Much of the talk among conventioneers Saturday focused on "Star Trek: The Next Generation," which has an entirely new crew and a new, bigger Enterprise that breaks into two parts. The show is set in the 24th Century--almost 100 years after Kirk and his colleagues soared the galaxies.

One observation expressed by several fans was that women have more influential roles in the new production; in the original, they mostly played nurses, communications experts and endangered victims wooed by Kirk. Another modern touch: While the original crew once boldly went where no man had gone before, the new crew goes where no one has gone before.

There were varied impressions of the new captain, Jean-Luc Picard, played by Patrick Stewart. Some lamented that the thin, stern and bald actor lacks panache and seems incapable of the galactic derring-do so ably practiced by William Shatner's chesty, macho James T. Kirk.

"He's nowhere near as convincing," complained Hansom. "Kirk would jump in there without hesitation and fight anyone, no matter what. Picard is really kind of a wimp."

But some said it was nice to see a captain who was a little more cerebral and not just an aggressive muscleman.

"I was leery at first, but I think it's nice that Picard is a man of words and a little more intellectual than Kirk," said Carl Norman, a financial planner who began watching "Star Trek" as a boy growing up in central New York.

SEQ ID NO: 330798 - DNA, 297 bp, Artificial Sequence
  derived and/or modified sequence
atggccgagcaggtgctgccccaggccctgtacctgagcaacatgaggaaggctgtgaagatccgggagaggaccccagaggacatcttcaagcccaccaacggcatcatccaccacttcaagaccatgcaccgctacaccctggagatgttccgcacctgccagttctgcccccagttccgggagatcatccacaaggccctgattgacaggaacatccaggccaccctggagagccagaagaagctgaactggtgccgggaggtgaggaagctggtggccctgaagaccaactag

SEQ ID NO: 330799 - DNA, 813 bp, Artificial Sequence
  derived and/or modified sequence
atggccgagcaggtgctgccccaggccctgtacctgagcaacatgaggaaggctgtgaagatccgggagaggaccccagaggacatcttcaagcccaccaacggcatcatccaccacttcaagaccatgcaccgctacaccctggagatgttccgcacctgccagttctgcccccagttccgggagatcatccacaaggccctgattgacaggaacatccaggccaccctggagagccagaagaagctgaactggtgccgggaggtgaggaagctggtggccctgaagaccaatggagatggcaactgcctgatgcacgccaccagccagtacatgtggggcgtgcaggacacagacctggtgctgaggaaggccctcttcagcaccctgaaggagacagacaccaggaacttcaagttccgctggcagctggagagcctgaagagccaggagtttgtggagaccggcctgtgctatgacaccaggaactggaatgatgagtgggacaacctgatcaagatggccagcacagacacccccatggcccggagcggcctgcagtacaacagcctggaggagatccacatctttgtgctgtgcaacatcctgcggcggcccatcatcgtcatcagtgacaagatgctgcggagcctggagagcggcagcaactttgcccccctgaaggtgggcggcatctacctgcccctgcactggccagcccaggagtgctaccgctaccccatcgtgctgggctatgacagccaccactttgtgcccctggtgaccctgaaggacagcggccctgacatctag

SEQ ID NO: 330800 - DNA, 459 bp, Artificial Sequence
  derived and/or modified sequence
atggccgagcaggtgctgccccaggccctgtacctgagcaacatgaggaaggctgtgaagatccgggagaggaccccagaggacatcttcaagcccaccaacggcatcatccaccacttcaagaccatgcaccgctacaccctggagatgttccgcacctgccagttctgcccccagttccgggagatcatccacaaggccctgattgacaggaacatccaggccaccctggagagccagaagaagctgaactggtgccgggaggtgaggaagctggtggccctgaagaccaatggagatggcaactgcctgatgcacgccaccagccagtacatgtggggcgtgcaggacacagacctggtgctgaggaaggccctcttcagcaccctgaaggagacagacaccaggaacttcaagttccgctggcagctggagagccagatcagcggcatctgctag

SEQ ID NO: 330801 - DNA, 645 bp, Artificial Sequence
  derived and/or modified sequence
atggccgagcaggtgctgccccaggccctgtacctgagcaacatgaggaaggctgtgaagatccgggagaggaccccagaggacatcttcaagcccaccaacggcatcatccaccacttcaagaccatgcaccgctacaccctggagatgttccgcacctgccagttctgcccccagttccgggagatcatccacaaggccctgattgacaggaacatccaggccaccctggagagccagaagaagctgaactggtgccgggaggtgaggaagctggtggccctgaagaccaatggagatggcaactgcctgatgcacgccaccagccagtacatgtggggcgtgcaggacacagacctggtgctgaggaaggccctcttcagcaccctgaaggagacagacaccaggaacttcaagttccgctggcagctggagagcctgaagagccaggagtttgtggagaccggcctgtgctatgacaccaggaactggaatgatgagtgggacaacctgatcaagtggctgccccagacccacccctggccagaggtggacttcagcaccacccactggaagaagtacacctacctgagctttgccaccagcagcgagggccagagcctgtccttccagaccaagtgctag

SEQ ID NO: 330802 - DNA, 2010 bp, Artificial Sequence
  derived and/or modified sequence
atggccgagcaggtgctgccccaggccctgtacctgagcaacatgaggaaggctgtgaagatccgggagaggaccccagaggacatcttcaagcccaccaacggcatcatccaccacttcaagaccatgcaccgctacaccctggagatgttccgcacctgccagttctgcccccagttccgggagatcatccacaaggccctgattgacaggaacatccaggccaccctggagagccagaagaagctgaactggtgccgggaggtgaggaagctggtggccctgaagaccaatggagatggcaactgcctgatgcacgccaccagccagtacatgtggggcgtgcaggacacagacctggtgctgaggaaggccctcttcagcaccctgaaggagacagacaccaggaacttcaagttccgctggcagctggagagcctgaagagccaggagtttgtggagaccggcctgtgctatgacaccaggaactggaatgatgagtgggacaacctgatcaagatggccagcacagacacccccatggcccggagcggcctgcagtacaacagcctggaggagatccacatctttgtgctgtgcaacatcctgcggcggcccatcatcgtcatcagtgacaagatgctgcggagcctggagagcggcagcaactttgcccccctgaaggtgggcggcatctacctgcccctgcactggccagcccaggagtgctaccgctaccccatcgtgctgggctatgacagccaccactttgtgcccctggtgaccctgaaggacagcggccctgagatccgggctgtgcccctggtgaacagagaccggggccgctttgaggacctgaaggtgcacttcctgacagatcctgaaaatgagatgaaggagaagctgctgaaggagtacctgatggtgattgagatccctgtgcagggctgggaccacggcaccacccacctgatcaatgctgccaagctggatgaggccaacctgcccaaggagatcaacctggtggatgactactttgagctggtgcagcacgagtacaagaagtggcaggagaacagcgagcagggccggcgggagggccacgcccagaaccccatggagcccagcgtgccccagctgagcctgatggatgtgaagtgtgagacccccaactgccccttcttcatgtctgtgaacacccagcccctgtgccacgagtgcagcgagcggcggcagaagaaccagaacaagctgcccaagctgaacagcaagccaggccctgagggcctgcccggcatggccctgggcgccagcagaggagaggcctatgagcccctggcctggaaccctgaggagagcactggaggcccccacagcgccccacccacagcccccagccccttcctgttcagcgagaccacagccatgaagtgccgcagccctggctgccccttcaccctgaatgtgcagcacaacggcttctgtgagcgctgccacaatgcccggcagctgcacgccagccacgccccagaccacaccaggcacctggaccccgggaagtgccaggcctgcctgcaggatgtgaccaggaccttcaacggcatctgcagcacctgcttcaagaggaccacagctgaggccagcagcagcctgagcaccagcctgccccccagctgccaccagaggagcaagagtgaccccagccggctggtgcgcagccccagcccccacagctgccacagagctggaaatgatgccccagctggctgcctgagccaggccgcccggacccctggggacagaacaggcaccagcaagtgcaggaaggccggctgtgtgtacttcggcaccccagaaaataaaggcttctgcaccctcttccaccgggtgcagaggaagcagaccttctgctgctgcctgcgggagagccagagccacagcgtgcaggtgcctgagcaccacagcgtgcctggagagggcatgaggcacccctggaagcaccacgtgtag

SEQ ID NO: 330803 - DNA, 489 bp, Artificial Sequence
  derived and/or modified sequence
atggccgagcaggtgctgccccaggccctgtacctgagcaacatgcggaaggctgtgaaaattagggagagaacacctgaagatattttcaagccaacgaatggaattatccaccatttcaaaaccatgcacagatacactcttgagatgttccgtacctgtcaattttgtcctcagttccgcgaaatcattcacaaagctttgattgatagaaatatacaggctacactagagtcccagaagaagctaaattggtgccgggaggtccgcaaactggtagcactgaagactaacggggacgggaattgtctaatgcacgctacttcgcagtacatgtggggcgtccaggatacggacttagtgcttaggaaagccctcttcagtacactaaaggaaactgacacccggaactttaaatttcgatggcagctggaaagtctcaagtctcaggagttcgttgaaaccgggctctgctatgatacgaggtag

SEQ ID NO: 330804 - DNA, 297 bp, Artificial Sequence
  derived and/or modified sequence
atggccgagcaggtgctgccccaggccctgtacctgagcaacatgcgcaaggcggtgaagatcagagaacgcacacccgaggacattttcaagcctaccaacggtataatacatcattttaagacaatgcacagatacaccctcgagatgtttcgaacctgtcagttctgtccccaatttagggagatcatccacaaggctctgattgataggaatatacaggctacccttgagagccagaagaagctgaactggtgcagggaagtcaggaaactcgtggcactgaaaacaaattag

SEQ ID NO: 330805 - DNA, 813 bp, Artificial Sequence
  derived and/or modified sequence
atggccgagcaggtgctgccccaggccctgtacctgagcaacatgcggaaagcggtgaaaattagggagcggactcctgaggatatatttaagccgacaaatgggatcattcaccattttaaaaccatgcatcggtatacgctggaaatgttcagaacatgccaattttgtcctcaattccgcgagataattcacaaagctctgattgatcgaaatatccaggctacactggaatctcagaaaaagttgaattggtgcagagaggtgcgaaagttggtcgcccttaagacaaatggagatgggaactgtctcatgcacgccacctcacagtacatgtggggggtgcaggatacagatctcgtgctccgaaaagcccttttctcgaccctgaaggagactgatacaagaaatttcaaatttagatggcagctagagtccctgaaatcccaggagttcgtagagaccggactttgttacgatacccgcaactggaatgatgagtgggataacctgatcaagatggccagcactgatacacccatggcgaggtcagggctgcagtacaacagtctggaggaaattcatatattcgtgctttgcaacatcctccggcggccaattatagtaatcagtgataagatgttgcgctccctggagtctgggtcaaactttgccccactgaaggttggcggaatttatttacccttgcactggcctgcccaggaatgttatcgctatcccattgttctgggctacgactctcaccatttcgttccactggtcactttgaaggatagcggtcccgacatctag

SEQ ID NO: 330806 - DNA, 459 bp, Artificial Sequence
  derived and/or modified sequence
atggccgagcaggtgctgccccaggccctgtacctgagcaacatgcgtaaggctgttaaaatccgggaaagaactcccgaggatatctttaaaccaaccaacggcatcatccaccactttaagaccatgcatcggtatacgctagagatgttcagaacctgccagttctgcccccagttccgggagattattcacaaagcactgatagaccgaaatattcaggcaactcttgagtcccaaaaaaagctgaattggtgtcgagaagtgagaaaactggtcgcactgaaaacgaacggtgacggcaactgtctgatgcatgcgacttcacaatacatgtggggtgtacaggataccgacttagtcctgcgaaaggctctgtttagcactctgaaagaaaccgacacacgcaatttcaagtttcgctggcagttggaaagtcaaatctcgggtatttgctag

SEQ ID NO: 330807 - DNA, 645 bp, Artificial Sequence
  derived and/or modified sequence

Nearly everyone interviewed said that, while the plots may be a little too reminiscent of the original show, the cast is unique and intriguing.

"I'm glad they didn't try to just duplicate the old characters, because I think that would have failed," said John Nickel of San Diego, who used a line from "Star Trek" while exchanging vows with his wife, Bonnie, at their wedding in July. "I was prepared to be disappointed but I think they've succeeded in making it a quality science fiction show with a whole set of interesting people finding difficult challenges."

"And another thing," added Nickel, who may name his child due to be born three days ago--Kirk. "It's just nice to have 'Star Trek' back on television."

The program has been picked up for a second season. The convention continues today between 11 a.m. and 7 p.m.